There are many DPS Law Enforcement personnel that have been called to active duty (with the military). Are these FTE (full time employee) positions counted as vacant, In addition to the "true" vacancies?

I ask this question having worked with and in state agencies and I know how the numbers game is played.

Retied 2004

W. W Woodward said...

Crusty: Ticket quotas were declared unlawful some thirty - forty years ago. However .....

True story:

A longtime friend of mine was a Texas peace officer and a chief of police in a small west Texas town before he joined the DPS/THP. He spent most of his time on the highways being a peace officer rather than a law enforcement officer. He took stranded motorists into the nearest town where they could find a mechanic, get their flat tires repaired, find gasoline for their empty fuel tanks. And then he took them back to their cars and stayed with them until he knew they would be able to continue their journeys safely.

As a result of the time my friend spent on public safety actions his tickets and DWI arrests didn't match up with the enforcement activities of other troopers in the sgt. sector and he was encouraged to find employment elsewhere. He resigned from DPS and joined a university police department and eventually moved to the university's medical center's police department where he is due to retire soon, if he hasn't already.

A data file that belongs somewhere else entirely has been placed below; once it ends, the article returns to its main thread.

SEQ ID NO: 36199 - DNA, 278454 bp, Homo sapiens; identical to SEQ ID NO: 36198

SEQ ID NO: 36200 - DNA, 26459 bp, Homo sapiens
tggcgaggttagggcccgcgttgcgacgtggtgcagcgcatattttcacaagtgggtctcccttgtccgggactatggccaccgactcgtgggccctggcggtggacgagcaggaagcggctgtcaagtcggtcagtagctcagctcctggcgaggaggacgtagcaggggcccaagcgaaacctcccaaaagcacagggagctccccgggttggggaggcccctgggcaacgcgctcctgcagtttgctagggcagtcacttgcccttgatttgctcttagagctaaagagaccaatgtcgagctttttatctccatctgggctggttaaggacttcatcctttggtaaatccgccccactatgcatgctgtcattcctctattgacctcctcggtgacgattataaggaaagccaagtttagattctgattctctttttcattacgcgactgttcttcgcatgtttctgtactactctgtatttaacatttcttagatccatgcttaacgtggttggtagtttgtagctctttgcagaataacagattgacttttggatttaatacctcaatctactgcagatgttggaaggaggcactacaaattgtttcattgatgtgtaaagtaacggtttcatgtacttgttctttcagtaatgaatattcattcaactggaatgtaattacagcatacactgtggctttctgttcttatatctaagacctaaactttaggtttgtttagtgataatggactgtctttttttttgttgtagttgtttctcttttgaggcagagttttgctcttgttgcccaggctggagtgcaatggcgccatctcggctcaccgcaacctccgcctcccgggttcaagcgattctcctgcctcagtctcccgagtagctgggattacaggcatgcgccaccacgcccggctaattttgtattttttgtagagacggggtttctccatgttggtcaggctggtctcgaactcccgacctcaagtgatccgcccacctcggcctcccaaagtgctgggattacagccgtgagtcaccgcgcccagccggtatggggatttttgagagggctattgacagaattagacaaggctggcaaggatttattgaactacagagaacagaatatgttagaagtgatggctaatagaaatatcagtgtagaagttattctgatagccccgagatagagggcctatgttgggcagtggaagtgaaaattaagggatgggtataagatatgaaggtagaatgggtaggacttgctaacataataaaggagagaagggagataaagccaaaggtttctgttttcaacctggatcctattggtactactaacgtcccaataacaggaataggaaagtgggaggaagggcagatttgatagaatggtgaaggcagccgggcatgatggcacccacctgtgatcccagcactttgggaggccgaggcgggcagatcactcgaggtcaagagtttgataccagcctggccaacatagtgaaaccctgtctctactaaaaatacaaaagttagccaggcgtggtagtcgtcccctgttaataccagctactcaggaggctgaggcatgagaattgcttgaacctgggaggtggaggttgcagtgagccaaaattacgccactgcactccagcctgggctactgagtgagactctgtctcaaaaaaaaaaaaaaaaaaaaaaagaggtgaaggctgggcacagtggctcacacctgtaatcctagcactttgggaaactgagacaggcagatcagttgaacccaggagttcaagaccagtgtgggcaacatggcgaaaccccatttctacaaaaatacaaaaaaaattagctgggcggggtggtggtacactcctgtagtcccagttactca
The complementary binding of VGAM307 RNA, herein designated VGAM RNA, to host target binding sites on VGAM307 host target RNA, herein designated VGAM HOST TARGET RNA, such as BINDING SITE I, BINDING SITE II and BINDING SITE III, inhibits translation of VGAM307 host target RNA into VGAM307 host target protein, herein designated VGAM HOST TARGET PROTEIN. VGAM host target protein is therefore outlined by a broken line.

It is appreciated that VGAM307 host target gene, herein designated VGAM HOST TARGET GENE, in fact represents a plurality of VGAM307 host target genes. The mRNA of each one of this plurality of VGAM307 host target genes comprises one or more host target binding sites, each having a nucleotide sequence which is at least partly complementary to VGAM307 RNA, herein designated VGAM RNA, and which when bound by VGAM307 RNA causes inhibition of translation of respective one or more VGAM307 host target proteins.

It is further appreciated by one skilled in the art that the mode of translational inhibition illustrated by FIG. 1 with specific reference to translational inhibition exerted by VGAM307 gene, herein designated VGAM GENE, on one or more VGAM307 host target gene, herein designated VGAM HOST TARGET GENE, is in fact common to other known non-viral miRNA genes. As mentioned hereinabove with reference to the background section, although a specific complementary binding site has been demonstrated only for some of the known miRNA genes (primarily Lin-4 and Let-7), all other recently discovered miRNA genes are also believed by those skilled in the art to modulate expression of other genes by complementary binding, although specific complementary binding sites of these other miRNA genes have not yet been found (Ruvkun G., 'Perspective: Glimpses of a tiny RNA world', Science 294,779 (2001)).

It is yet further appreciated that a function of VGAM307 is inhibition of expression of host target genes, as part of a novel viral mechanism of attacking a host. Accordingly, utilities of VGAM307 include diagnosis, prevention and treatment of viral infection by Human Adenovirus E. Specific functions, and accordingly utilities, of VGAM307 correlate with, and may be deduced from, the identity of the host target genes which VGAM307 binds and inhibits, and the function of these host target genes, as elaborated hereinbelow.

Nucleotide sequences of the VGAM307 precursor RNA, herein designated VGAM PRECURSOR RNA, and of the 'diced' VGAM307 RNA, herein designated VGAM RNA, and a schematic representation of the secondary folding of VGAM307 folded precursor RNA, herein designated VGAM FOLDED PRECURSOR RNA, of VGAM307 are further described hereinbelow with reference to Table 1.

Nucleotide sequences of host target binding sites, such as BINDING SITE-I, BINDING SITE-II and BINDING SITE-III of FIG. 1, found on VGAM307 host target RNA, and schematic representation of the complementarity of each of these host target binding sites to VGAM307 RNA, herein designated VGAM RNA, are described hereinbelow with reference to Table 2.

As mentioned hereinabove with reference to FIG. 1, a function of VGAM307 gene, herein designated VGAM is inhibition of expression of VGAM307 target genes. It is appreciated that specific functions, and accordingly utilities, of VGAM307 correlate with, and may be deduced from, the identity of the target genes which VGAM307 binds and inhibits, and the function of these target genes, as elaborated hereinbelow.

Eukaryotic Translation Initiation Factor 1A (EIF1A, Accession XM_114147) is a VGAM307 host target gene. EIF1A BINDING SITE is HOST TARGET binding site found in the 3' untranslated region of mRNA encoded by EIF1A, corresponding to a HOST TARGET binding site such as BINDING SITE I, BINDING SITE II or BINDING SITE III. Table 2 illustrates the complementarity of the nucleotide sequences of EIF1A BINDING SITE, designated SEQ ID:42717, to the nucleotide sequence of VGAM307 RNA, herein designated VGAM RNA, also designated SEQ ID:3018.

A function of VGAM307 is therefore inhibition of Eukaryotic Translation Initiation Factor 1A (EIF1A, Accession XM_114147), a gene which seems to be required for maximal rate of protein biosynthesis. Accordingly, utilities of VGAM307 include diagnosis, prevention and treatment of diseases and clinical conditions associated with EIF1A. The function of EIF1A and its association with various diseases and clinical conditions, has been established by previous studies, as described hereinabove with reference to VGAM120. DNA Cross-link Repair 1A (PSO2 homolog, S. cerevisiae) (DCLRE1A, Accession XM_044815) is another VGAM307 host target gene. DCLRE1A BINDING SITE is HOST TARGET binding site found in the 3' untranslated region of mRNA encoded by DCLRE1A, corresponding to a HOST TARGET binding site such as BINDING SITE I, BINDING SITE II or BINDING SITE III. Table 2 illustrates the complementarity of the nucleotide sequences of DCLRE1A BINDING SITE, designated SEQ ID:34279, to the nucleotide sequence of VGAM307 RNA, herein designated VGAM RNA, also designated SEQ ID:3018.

I would like to divulge my friend's name because he is a representative of what a real Texas Peace Officer should be but I haven't cleared the forgoing account with him.

From the information in Grits' post the it appears that things haven't changed in the Department of ? Public Safety ?.

Anonymous said...

The title of this article could apply to any agency within the state of Teaxs.
Any new chief/director/depatment head, etc., will face the same problem: Unhappy, overworked and underpaid employees!

Anonymous said...

Mr. Woodward, kudos for pointing out what so many don't seem to realize--there is a difference between a law enforcement officer and a "peace" officer.

Anonymous said...

It would be interesting to see all the locations that they give tickets at. Not to locate speed traps, but to see how many state highways and roads vs local neighborhoods and communities get state attention. Also, the time of day or night.
I see troopers all over a section of I-45 near Houston on Saturday and Sunday mornings, pulling over mall shoppers, yet never when there is high volume traffic, accidents, aggressive drivers etc.

Don Dickson said...

I once had a Trooper client whose annual evaluation stated that his "volume of acceptable work" (read: number of tickets) was unacceptable.

Well duhhh....the guy had spent eighteen weeks of the year out of state conducting training classes at other police departments.

Quotas are indeed prohibited by law, but one man's "quota" is another man's "goal" or "objective." And the law applies only to numbers of citations, not to warnings or arrests. It is actually NOT against the law to evaluate a Trooper on the basis of the number of his "contacts," and this is done with regularity.

During a recent discharge appeal in which I represented the accused, a supervisor testified that when reviewing my client's in-car videos, he could hear paper shuffling which he knew from experience was the sound of the Trooper counting his warnings and citations for the day. He said he knew that sound from having done it himself. He steadfastly denied the existence of any "quota," but could offer no explanation why my client, and even himself, would be a compulsive ticket-counter.

Anonymous said...

I'll kiss your bare hiney if you are man enough to get accepted to the DPS academy and graduate from it.

True story. Scott is big on talk and small on action.